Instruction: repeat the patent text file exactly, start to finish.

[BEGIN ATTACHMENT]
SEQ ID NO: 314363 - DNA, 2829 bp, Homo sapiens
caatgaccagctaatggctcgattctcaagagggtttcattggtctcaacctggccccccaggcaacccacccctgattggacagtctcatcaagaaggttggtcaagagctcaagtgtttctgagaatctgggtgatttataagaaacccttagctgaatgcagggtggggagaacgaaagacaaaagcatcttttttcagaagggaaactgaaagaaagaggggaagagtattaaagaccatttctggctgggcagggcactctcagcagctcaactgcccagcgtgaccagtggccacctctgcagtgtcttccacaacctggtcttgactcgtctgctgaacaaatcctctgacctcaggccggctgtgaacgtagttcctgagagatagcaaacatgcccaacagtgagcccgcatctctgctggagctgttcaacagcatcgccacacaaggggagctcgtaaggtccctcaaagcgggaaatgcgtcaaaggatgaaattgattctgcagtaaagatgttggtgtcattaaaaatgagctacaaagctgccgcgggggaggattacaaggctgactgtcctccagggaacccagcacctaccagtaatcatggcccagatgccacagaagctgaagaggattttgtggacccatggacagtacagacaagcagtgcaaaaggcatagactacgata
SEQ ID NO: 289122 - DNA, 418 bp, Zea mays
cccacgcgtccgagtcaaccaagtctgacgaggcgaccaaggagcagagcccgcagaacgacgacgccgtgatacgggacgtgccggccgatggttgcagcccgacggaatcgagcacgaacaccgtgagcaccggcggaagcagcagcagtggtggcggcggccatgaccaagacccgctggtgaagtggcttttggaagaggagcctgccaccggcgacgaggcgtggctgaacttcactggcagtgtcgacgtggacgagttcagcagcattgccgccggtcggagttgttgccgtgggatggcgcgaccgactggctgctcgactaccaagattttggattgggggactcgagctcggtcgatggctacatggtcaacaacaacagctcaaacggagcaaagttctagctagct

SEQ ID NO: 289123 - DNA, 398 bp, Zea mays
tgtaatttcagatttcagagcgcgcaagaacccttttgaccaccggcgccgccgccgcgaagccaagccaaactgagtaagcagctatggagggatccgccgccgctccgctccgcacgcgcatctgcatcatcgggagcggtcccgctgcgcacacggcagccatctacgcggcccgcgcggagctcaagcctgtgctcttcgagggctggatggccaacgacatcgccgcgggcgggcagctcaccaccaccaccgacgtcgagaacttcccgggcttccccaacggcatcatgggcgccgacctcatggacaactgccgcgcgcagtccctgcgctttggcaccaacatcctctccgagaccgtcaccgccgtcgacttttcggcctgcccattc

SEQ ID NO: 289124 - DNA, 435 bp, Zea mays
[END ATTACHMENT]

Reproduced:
SEQ ID NO: 314363 - DNA, 2829 bp, Homo sapiens
caatgaccagctaatggctcgattctcaagagggtttcattggtctcaacctggccccccaggcaacccacccctgattggacagtctcatcaagaaggttggtcaagagctcaagtgtttctgagaatctgggtgatttataagaaacccttagctgaatgcagggtggggagaacgaaagacaaaagcatcttttttcagaagggaaactgaaagaaagaggggaagagtattaaagaccatttctggctgggcagggcactctcagcagctcaactgcccagcgtgaccagtggccacctctgcagtgtcttccacaacctggtcttgactcgtctgctgaacaaatcctctgacctcaggccggctgtgaacgtagttcctgagagatagcaaacatgcccaacagtgagcccgcatctctgctggagctgttcaacagcatcgccacacaaggggagctcgtaaggtccctcaaagcgggaaatgcgtcaaaggatgaaattgattctgcagtaaagatgttggtgtcattaaaaatgagctacaaagctgccgcgggggaggattacaaggctgactgtcctccagggaacccagcacctaccagtaatcatggcccagatgccacagaagctgaagaggattttgtggacccatggacagtacagacaagcagtgcaaaaggcatagactacgata
SEQ ID NO: 289122 - DNA, 418 bp, Zea mays
cccacgcgtccgagtcaaccaagtctgacgaggcgaccaaggagcagagcccgcagaacgacgacgccgtgatacgggacgtgccggccgatggttgcagcccgacggaatcgagcacgaacaccgtgagcaccggcggaagcagcagcagtggtggcggcggccatgaccaagacccgctggtgaagtggcttttggaagaggagcctgccaccggcgacgaggcgtggctgaacttcactggcagtgtcgacgtggacgagttcagcagcattgccgccggtcggagttgttgccgtgggatggcgcgaccgactggctgctcgactaccaagattttggattgggggactcgagctcggtcgatggctacatggtcaacaacaacagctcaaacggagcaaagttctagctagct

SEQ ID NO: 289123 - DNA, 398 bp, Zea mays
tgtaatttcagatttcagagcgcgcaagaacccttttgaccaccggcgccgccgccgcgaagccaagccaaactgagtaagcagctatggagggatccgccgccgctccgctccgcacgcgcatctgcatcatcgggagcggtcccgctgcgcacacggcagccatctacgcggcccgcgcggagctcaagcctgtgctcttcgagggctggatggccaacgacatcgccgcgggcgggcagctcaccaccaccaccgacgtcgagaacttcccgggcttccccaacggcatcatgggcgccgacctcatggacaactgccgcgcgcagtccctgcgctttggcaccaacatcctctccgagaccgtcaccgccgtcgacttttcggcctgcccattc

SEQ ID NO: 289124 - DNA, 435 bp, Zea mays